Women's Movements, State Restructuring, and Global Development in Ecuador
Publication Year: 2007
Published by: Penn State University Press
Preface and Acknowledgments
Lynn Meisch has said, in rather ironic terms, that Ecuador had ‘‘the strongest indigenous movement and weakest economy in Latin America’’ at the turn of the century (Meisch 2000, 14; also quoted in Weismantel 2003, 330). Indeed, this is how most people hear about politics in Ecuador, through articles on either indigenous protests ...
List of Acronyms
In this book I examine one local setting in which women have politically mobilized to ‘‘encounter development’’ in Latin America: that of Quito, Ecuador. As I show, the political identities and strategies of women’s community-based and nongovernmental organizations in Quito are neither entirely radical nor traditional, nor necessarily original. ...
1 Myths of Progress: Citizenship, Modernization, and Women’s Rights Struggles in Ecuador
The historical relationship between women and the state in Ecuador is complex, multifaceted, and paradoxical. From the start, women’s rights struggles necessarily have taken place in multiple social spaces and have cut across a range of political, economic, and geographic sectors. ...
2 Ecuadorian Neoliberalisms and Gender Politics in Context
In 2000–2001, Ecuador’s foreign debt of U.S.$16 billion was the highest per capita debt in Latin America (see Table 1; World Bank 2001; Latin American Bureau 2001). At the time, Ecuadorians faced higher levels of unemployment and income inequality than they did prior to the introduction of SAPS. ...
3 Neoliberal Encounters: State Restructuring and the Institutionalization of Women’s Struggles for Survival
In May 1992, several neighborhood women’s organizations participated in a protest outside the Citibank office in Quito. Following a dispute regarding loan-repayment guidelines, Citibank–New York, the bank that headed the group of foreign lenders to the Ecuadorian government, had frozen U.S.$80 million of the Central Bank’s assets, ...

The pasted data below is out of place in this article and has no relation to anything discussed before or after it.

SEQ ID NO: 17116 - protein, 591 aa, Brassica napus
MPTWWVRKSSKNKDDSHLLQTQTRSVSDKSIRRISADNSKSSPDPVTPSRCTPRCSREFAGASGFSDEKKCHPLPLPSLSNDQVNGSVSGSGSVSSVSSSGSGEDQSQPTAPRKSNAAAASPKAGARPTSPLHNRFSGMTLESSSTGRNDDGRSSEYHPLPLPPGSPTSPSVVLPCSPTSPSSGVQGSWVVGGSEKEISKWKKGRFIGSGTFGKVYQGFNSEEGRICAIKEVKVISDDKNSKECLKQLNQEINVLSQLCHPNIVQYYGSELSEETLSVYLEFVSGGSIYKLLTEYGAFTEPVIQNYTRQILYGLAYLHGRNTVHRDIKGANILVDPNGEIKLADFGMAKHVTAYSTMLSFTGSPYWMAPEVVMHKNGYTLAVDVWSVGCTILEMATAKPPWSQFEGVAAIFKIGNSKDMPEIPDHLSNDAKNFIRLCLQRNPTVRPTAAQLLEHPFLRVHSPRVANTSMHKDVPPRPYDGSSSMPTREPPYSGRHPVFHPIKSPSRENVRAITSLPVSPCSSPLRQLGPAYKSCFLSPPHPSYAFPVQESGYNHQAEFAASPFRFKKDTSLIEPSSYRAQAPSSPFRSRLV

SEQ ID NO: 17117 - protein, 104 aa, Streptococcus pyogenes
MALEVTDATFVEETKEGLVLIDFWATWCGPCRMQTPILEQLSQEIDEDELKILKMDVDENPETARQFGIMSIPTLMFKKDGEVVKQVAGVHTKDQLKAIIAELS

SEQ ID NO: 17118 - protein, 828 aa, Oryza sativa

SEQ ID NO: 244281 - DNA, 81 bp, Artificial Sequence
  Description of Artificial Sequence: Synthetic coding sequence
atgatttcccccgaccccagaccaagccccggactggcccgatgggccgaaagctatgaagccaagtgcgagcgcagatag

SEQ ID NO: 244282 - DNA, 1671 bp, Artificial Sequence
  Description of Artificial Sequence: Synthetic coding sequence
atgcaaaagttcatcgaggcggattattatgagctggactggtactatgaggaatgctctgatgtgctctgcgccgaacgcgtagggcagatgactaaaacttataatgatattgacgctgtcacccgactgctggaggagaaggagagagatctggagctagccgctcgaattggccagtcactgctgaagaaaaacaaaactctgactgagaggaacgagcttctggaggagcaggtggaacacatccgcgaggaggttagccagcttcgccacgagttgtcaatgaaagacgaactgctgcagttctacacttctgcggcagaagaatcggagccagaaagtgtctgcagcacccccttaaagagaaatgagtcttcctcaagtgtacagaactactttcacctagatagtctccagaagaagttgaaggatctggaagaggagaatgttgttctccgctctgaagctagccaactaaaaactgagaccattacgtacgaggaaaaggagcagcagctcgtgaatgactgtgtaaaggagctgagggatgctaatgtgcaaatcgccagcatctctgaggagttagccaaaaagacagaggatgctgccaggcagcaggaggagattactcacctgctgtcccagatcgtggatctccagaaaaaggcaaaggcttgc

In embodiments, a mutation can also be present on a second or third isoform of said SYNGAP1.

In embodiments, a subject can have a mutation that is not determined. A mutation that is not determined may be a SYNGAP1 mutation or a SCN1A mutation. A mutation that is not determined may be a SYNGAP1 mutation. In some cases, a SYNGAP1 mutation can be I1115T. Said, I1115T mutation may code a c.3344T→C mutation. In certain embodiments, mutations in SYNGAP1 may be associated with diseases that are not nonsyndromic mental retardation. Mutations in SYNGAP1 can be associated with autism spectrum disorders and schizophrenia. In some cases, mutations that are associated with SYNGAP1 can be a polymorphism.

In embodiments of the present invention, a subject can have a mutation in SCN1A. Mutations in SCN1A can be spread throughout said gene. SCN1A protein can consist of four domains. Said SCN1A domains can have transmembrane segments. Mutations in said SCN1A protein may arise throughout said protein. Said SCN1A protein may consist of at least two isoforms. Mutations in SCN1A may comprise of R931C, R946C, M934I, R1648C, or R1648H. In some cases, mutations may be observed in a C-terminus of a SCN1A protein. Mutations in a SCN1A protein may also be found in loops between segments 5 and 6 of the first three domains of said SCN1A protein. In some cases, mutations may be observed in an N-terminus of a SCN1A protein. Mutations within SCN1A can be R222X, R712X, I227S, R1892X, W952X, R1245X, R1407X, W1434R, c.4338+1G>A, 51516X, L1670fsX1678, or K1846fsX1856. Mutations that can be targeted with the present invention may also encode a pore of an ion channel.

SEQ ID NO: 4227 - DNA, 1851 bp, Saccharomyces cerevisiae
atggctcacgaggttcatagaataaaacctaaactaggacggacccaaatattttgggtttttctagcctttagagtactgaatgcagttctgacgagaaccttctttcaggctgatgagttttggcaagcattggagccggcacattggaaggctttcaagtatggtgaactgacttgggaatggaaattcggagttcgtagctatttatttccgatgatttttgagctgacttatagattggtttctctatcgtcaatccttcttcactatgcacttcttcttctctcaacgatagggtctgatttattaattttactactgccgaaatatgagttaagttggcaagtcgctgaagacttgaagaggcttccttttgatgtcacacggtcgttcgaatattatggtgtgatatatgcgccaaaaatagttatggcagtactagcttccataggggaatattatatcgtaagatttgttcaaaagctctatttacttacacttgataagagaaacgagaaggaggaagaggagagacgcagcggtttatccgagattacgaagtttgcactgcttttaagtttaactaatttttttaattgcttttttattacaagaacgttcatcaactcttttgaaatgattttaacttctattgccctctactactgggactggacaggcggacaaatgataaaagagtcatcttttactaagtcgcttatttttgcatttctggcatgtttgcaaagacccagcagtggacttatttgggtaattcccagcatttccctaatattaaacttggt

4 Women’s Community Organizing in Quito: The Paradoxes of Survival and Struggle
Since the inception of the restructuring process in the early 1980s, Ecuadorian civil society has been increasingly called upon to provide essential services for poor families. In many ways, it was poor families themselves—particularly women—who became the new civil society actors, a phenomena exemplified in the Borja ...
5 Remaking the Nation: Feminist Politics, Populist Nationalism, and the 1998 Constitutional Reforms
The 1997 political crisis reveals some of the gendered contradictions of neoliberal development, particularly as they play out in the context of nationalist politics. In August 1996, President Abdala
6 Making Dollars, Making Feminist Sense of Neoliberalism: Negotiations, Paradoxes, Futures
In this book I have aimed to address a set of gendered paradoxes concerning Ecuador’s trajectory of ‘‘development’’ and state restructuring preceding and during the neoliberal period of the 1980s and 1990s. These paradoxes are derived from several factors: ideologies of womanhood and imaginings of Ecuador as a nation; ...
Appendix: Chronology of Events
Page Count: 200
Illustrations: 1 table
Publication Year: 2007
OCLC Number: 74849717
MUSE Marc Record: Download for Gendered Paradoxes